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In my review for 2016’s Hyper Light Drifter I wrote about how it was a game I created excuses for myself to keep playing after seeing credits writing, “I didn’t do it out of necessity; I did it because I wanted to stay in Hyper Light Drifter’s world for as long as possible.” I love the color, style, music, and overall vibe of that game, which is why I was so excited to finally go hands-on with its not-quite-a-sequel, Breaker, and finally have an excuse to exist in that world again.

“It’s not a sequel – it is just in the world of Hyper Light. It will have common threads, themes, and shared components,” director Alx Preston says. “If you played Drifter you will see reappearing species and enemies and other stuff like that, but generally, you don’t have to play Dirifter to enjoy this. The story is encapsulated in its own way. But there are connections to it for sure.” Preston is even more ambiguous about its Drifter relationship when asked specific questions about the timeline saying, “It takes place not too far away from [Dirfter] on either end. It’s not like it’s taking place 1000 years later. It’s within a range of the events of Drifter.”

Breaker retains the mood of Drifter, and its sound, though Preston says returning composer Disasterpiece was mainly only involved in the beginning, but it does overall look and feel different. Breaker is a 3D action game, and I made my way through a few short runs while Preston watched and politely congratulates me on lasting longer than most. There is a quick dash for general movement and a separate combat dash for closing the gap between enemies. I found little use for it in my short time, but you can also pull out a hoverboard to move quickly over longer stretches and use a glider to prevent fall damage when jumping from high heights. Expectedly, considering developer Heart Machine’s action history, it feels good, and though I died quickly, I can already see the opportunities for skill improvement.

In my first run, I used a personal favorite, dual swords and a pistol, and for my second run, I used a single sword and something close to a machine gun. You can mix and match weapons as you progress, which I am thankful for as I would love to take the machine gun with the dual swords.

 

At the end of my playtime, I took on a boss named Dro. The gigantic wolflike creature with a big glowing yellow sword introduced himself by jumping into the arena with strange, staccato animation. It was as if he was intentionally leaving out frames, and it looked awesome. I didn’t get to see much else of him, though, because he killed me almost immediately. After leaping over a few expanding yellow attack circles on the ground, I got in about two hits before losing all my health. Preston was still polite about my run but did not offer the same compliment about how long I lasted compared to when I was out in the world.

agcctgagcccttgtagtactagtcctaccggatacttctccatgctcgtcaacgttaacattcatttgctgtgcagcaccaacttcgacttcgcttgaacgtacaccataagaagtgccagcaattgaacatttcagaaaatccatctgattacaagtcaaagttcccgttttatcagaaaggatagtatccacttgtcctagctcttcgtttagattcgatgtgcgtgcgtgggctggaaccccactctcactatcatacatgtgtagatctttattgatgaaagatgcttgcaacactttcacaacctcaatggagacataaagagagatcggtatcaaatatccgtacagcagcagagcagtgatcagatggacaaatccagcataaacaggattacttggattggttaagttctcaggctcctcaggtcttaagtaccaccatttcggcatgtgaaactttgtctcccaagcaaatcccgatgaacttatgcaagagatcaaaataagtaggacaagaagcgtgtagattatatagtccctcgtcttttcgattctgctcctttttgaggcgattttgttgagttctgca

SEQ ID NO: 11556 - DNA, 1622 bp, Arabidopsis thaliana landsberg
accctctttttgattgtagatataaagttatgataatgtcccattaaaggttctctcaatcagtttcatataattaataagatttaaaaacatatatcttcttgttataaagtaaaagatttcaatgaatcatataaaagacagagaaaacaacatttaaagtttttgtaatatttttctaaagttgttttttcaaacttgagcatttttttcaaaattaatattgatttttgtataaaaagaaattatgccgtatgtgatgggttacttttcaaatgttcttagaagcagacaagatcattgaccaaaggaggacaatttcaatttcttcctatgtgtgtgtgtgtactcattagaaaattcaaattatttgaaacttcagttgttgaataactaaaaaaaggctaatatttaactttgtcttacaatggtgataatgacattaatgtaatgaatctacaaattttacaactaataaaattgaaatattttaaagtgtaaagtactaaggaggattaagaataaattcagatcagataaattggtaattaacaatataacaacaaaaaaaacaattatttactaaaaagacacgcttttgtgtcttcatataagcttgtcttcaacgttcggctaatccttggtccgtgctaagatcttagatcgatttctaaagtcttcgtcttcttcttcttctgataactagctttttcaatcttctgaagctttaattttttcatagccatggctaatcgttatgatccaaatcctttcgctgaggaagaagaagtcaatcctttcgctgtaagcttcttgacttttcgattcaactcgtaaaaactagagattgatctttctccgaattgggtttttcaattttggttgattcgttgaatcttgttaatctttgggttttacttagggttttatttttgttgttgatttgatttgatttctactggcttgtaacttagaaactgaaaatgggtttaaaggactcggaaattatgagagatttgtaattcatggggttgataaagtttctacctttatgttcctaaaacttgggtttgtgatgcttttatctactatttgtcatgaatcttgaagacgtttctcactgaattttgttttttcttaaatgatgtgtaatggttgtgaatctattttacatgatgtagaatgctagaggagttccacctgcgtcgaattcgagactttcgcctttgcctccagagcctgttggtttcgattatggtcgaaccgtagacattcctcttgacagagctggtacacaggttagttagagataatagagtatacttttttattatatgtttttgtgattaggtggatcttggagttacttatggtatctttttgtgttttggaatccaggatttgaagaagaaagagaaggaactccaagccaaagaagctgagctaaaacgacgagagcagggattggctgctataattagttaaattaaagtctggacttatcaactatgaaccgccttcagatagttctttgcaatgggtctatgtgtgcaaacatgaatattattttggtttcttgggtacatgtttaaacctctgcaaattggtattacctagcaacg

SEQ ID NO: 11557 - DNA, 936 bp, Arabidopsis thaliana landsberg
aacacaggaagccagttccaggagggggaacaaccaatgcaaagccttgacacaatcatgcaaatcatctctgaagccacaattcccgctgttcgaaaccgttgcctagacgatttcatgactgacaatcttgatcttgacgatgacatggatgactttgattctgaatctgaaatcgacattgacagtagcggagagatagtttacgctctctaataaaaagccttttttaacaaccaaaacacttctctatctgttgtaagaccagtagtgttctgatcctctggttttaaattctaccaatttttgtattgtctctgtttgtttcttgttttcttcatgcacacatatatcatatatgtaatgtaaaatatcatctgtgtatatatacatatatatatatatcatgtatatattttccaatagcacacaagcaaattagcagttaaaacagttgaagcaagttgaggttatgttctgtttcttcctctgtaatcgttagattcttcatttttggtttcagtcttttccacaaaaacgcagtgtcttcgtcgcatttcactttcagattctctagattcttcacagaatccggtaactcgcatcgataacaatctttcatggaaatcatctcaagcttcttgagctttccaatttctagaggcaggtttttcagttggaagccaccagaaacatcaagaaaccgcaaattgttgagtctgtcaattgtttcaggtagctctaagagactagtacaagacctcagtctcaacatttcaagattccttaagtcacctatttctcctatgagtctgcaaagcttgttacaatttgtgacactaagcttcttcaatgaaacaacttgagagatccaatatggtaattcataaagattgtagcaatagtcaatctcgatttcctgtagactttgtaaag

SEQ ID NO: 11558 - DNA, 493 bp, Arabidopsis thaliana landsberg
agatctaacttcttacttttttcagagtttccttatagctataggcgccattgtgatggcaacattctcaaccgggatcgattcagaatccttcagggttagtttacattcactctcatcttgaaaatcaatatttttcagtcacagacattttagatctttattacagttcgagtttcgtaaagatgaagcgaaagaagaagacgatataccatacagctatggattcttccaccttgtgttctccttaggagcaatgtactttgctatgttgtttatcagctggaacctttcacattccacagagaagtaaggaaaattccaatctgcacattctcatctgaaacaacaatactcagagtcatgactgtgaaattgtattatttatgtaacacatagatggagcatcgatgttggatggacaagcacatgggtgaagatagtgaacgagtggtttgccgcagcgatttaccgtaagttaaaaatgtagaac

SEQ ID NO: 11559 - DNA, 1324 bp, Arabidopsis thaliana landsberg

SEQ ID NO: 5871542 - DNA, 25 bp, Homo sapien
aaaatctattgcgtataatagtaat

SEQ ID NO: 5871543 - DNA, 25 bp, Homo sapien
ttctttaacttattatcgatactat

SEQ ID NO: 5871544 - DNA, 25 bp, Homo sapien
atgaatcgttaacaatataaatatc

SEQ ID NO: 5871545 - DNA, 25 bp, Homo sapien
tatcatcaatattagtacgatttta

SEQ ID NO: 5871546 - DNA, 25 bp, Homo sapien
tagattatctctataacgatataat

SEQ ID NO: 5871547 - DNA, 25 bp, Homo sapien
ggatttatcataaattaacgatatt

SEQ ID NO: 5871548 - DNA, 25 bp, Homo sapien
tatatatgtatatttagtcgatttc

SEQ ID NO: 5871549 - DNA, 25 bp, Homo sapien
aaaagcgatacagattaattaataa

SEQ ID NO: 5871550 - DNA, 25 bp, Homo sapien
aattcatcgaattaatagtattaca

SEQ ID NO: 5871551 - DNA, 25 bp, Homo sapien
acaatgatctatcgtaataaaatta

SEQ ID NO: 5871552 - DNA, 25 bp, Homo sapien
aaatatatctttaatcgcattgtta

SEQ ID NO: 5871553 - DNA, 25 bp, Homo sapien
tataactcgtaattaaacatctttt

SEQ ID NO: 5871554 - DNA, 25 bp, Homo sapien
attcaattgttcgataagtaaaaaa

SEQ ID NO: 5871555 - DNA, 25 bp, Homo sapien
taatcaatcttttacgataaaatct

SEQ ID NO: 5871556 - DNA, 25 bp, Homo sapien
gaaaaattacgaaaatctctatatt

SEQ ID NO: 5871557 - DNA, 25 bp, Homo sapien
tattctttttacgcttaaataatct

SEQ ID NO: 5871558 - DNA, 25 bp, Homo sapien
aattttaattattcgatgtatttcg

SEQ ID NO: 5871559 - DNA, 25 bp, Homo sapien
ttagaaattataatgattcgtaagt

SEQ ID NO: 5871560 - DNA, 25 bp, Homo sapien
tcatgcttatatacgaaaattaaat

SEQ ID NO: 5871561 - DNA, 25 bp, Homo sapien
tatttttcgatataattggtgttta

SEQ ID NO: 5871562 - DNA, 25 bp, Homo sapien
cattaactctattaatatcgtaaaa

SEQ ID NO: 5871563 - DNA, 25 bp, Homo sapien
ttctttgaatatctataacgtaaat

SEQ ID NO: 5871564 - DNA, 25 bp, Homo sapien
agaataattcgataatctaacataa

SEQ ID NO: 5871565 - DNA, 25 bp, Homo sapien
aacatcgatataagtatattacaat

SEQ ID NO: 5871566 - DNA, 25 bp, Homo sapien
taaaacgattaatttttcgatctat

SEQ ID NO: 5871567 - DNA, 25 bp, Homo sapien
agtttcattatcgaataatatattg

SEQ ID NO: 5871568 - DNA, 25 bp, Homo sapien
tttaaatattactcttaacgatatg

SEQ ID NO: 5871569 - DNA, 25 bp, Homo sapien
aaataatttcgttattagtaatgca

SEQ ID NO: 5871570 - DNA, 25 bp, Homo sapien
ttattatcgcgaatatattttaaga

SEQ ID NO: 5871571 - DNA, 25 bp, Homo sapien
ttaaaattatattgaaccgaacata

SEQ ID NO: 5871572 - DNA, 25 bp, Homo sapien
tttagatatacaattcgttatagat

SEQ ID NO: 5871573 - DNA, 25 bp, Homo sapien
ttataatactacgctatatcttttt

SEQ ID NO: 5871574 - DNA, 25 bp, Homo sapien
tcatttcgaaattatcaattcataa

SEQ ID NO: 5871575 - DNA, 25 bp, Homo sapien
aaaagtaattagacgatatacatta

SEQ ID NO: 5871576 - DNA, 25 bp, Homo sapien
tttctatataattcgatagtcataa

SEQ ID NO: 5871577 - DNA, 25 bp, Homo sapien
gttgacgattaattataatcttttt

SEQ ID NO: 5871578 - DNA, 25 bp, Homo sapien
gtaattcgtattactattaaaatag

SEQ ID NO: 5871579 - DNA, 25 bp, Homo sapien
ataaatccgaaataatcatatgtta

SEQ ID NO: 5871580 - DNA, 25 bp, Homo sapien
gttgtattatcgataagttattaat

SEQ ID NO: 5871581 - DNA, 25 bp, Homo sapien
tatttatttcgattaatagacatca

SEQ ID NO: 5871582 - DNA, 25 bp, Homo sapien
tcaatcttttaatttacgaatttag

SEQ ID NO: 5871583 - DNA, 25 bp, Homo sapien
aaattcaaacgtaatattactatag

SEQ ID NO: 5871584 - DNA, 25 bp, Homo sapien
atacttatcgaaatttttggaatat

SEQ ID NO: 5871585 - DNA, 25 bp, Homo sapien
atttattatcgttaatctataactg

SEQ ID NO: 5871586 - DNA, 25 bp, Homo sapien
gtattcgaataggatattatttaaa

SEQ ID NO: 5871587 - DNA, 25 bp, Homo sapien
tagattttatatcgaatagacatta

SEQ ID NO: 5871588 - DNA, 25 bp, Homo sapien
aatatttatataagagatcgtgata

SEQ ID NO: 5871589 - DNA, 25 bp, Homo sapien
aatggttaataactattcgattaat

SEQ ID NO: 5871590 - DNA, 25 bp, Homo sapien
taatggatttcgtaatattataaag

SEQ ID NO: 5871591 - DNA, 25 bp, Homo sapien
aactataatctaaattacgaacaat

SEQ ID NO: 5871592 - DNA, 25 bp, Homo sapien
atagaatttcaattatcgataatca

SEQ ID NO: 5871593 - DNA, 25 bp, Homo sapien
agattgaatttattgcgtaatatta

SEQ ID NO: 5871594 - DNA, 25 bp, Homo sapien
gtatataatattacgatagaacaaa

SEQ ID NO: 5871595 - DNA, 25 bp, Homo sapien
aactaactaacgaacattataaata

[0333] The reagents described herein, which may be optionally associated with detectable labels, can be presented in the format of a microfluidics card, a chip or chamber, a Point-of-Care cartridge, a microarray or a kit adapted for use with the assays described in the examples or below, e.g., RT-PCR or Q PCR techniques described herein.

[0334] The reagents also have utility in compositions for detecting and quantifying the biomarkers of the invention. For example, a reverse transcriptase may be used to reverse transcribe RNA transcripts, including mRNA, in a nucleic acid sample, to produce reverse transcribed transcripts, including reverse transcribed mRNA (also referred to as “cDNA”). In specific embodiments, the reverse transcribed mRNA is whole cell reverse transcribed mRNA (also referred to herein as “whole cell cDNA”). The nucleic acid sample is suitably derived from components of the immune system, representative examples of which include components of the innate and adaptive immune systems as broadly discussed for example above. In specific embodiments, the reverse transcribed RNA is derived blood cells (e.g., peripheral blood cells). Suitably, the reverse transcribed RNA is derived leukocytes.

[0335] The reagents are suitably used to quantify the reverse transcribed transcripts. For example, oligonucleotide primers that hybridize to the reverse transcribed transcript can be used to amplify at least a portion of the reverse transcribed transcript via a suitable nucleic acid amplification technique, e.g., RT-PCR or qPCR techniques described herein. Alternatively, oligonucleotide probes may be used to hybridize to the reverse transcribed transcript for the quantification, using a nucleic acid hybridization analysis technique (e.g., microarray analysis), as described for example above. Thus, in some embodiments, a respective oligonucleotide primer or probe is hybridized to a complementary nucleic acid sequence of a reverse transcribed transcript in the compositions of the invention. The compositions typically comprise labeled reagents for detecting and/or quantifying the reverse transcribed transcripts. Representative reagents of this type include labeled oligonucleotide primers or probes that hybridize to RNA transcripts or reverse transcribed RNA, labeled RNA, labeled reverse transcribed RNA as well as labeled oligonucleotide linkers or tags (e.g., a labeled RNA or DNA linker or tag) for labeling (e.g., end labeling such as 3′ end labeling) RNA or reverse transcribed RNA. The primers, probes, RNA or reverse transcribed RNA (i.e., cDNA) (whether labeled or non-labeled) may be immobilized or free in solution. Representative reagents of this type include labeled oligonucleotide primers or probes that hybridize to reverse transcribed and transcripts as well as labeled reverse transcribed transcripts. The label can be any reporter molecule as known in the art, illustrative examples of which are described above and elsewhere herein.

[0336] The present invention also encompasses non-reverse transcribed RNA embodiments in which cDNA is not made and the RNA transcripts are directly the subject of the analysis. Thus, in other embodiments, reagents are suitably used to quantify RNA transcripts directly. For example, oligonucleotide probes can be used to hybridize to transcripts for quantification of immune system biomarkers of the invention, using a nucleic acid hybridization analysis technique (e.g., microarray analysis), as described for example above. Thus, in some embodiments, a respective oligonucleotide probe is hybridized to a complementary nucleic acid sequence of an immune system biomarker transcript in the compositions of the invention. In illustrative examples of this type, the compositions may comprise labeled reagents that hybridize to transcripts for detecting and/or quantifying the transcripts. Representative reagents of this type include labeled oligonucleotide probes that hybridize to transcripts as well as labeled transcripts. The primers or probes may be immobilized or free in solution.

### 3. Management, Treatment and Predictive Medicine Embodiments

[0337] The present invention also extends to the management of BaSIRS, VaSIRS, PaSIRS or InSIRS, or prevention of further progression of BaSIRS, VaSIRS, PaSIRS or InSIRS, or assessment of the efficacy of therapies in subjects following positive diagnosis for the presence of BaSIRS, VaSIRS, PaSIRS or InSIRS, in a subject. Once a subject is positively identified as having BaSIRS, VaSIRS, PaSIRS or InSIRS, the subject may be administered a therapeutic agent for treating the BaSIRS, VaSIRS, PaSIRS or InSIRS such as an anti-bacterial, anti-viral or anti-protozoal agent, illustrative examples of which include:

“It’s going to be a thing where I have to figure out what to call it,” Preston says with a chuckle when I ask about if the game should be considered a proper roguelike. “It has roguelike elements for sure, but it’s also an open world with extraction elements. You can go on runs and death matters, but it’s on a different scale than a normal roguelike.”

Hyper Light Breaker Preview – Hands-On With The Not-Quite-A-Sequel To Hyper Light Drifter

You attempt runs in Breaker, and there are randomized open worlds, but you set your schedule for how you want to approach them. You have a limited time and attempts to go through a world and defeat its three bosses. If you fail you get a new world, but success also leads to a new world. There is also some agency in when you leave a given world with your earned assets, which Preston says almost makes it feel more like an extraction game. It’s a mechanic that will undoubtedly make more sense in practice but is difficult to perceive with just a few runs, not to mention developer tools to automatically transport you to Dro so he can immediately murder you.

Hyper Light Breaker is planned for Early Access this summer with the 1.0 release marking its console release. Preston, a Steam Deck fan, considers that platform a priority if for no one else but himself and offers a “never say never” response when asked about Switch.



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